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  1. #1
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    Solo vs Tallboy 2

    Hello folks,

    I am looking to make the plunge into full suspension. Right now I have a 29r Specialized Rockhopper Comp which has been my first foray into mountain biking. It's time to move on, though.

    My local trails are really rough. There are some areas where there are 2-3 foot drops, and there is lots of climbing all over the place. I am a strong rider technically (I grew up riding BMX), but am not a great climber. I have been doing pretty well riding big drops and that kind of thing on my Specialized.

    I have done as much reading as I can about both the Solo and the Tallboy, it and it seems like every review for both bikes ends with calling it an "all around amazing bike," or something to that effect.

    From what I have been able to discern, the Tallboy would be a better climber, and the Solo would be better in Technical stuff. Is this accurate? Does anyone have any wisdom to impart on me? Thanks.

  2. #2
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    Disclaimer : I have a TB2 AND think it's the sh1t!

    Obviously, it would be ideal to demo both bikes on your local trails.

    Barring that, it sounds like the Solo would be the better choice. The TB is no slouch on tech stuff, but the Solo's slacker head angle and extra 25mm of travel give it an edge on the types of trails you are describing (mostly the drops).

    It's also been described as a capable climber and the extra rear travel would probably come in handy on technical climbs.

    Edit:
    Just to make your decision relatively difficult, if you're pretty comfortable riding the Rockhopper on those trails, the TB might be a good choice.

    The TB with a 120mm fork has a slacker HA than the Rockhopper (70.2 vs 71).

    Put some burly tires on it with a dropper post, and shred.
    2014 Tallboy 2

  3. #3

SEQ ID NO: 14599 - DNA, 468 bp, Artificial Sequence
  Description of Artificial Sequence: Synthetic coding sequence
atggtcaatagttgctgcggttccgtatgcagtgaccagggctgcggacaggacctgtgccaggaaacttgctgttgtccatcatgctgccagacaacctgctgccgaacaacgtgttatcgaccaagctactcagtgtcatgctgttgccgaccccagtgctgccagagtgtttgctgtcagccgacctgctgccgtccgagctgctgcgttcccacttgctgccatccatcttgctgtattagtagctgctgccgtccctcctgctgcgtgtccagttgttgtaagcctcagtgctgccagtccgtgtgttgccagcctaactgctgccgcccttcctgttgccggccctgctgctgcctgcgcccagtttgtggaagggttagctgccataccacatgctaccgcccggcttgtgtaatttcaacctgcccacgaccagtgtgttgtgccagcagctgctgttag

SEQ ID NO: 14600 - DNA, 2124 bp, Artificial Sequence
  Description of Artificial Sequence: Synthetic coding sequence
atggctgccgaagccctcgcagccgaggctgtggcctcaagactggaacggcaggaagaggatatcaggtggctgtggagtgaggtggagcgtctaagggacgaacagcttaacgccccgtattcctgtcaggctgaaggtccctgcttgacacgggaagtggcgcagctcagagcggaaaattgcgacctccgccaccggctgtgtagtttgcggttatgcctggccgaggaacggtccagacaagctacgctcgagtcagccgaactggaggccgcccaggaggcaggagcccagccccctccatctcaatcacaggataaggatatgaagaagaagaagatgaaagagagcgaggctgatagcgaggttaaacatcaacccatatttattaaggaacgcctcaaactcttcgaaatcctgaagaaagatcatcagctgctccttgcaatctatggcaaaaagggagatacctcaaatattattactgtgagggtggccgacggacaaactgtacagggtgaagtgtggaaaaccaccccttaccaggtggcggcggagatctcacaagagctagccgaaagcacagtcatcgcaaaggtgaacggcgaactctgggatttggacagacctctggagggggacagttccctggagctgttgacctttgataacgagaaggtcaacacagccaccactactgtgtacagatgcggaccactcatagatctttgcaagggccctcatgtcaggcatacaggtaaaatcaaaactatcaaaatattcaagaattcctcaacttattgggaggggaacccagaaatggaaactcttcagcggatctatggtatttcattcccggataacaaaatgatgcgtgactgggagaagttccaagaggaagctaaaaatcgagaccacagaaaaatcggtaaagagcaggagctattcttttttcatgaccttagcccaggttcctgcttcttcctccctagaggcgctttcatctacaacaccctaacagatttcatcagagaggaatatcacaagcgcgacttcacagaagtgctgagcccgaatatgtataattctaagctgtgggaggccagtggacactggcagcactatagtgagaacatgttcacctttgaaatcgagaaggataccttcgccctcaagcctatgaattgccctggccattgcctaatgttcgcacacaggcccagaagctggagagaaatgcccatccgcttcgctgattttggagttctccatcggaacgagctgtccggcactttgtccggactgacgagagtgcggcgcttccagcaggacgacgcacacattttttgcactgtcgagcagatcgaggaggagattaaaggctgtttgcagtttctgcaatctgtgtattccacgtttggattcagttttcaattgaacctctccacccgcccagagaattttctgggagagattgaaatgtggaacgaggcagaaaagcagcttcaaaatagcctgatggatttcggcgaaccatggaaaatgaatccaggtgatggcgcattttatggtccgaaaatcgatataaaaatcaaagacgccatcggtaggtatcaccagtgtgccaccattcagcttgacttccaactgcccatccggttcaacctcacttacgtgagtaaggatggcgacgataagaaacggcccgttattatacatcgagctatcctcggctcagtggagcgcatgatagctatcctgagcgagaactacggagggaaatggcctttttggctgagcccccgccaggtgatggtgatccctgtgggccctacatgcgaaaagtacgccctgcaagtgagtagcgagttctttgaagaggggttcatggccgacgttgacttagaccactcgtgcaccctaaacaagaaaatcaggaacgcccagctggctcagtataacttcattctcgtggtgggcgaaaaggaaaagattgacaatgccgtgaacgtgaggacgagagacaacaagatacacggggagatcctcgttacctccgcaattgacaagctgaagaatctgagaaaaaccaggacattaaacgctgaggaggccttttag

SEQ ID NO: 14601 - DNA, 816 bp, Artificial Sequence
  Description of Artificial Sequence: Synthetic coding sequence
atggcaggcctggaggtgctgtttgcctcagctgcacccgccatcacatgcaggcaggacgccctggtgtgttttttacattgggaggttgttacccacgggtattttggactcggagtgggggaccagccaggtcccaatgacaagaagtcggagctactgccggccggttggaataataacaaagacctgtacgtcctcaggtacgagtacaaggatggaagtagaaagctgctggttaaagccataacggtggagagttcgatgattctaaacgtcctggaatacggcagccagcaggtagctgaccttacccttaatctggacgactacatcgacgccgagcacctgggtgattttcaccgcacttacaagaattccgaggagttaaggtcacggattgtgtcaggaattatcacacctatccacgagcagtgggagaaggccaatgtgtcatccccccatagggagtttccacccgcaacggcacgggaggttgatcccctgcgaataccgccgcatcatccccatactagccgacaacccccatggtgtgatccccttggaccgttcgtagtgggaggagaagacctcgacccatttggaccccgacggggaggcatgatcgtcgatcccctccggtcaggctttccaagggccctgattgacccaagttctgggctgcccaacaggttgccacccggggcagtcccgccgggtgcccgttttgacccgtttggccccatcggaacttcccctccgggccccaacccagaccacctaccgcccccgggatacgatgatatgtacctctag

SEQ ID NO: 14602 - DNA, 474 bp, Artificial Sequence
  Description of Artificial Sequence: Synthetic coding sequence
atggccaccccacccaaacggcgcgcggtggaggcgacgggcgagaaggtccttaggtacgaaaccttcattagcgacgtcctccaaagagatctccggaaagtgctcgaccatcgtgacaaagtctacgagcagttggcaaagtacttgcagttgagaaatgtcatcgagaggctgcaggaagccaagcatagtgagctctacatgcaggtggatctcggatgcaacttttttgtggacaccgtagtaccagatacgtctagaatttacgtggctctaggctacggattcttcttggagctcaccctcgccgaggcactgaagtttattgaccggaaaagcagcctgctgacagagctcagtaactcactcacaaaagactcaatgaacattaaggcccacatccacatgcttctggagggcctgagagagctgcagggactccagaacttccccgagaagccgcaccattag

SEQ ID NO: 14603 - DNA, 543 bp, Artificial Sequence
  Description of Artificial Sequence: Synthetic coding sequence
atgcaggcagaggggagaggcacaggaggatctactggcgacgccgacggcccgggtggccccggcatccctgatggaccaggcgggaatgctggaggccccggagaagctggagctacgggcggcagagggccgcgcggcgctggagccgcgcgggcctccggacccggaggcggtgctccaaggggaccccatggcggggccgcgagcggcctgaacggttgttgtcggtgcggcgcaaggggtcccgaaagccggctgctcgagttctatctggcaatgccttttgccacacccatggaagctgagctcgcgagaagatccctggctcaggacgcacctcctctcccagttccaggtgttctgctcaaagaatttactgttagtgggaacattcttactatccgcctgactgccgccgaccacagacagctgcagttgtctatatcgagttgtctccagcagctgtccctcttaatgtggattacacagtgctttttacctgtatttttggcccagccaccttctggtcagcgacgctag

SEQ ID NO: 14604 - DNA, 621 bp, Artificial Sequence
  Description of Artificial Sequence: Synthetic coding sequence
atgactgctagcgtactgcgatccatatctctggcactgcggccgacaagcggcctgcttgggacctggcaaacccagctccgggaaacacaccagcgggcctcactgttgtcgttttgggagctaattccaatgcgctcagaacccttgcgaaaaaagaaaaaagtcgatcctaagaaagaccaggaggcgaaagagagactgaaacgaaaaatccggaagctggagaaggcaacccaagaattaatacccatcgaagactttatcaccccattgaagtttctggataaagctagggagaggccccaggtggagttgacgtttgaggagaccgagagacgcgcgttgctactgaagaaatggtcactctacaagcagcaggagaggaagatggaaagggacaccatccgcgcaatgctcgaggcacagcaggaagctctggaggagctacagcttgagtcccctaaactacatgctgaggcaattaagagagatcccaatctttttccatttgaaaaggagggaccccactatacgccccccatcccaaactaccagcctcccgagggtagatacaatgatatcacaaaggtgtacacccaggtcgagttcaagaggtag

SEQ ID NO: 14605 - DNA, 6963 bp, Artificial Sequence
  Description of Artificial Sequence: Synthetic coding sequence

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    I found this post in another thread. It's a very interesting way to break it down:

    Quote Originally Posted by chuyler1 View Post
    You're reading into it the wrong way. I was not grading the bikes. I was grading the percentages of each type of terrain the rider typically experiences...which affects their choice in bike.

    However, I screwed up. I had in my head that the Solo was competition for the Rocky Mountain Altitude...but its not. It has less travel than the TBLT. With that in mind, here's some adjustments to my original percentages...

    Climb / Descend / XC
    TB: 20% 20% 60%
    Solo: 25% 25% 50%
    TBLT: 25% 35% 40%
    Bronson: 20% 60% 20%

    Remember, this is typical trails the owner rides, not performance. For instance the TB is probably the best climber but the typical owner won't be doing huge elevation with it, they'll be sticking to rolling terrain that has more gradual descents. The Solo sacrifices some of that easy rolling ability for a little more capability on the fast descents so owners who occasionally like to ride fast under the power of gravity will pick it over the TB...or they'll pick it because they don't want to be seen on the 29er bandwagon. If going faster on those descents is important to you, but you still need to pedal...or perhaps your local XC trails are super gnarly...then step up to the TBLT. If pedaling really isn't your thing unless there's massive runs with with big jumps on the way back down, get the Bronson and lock out the suspension for the climbs and engage for the way back down.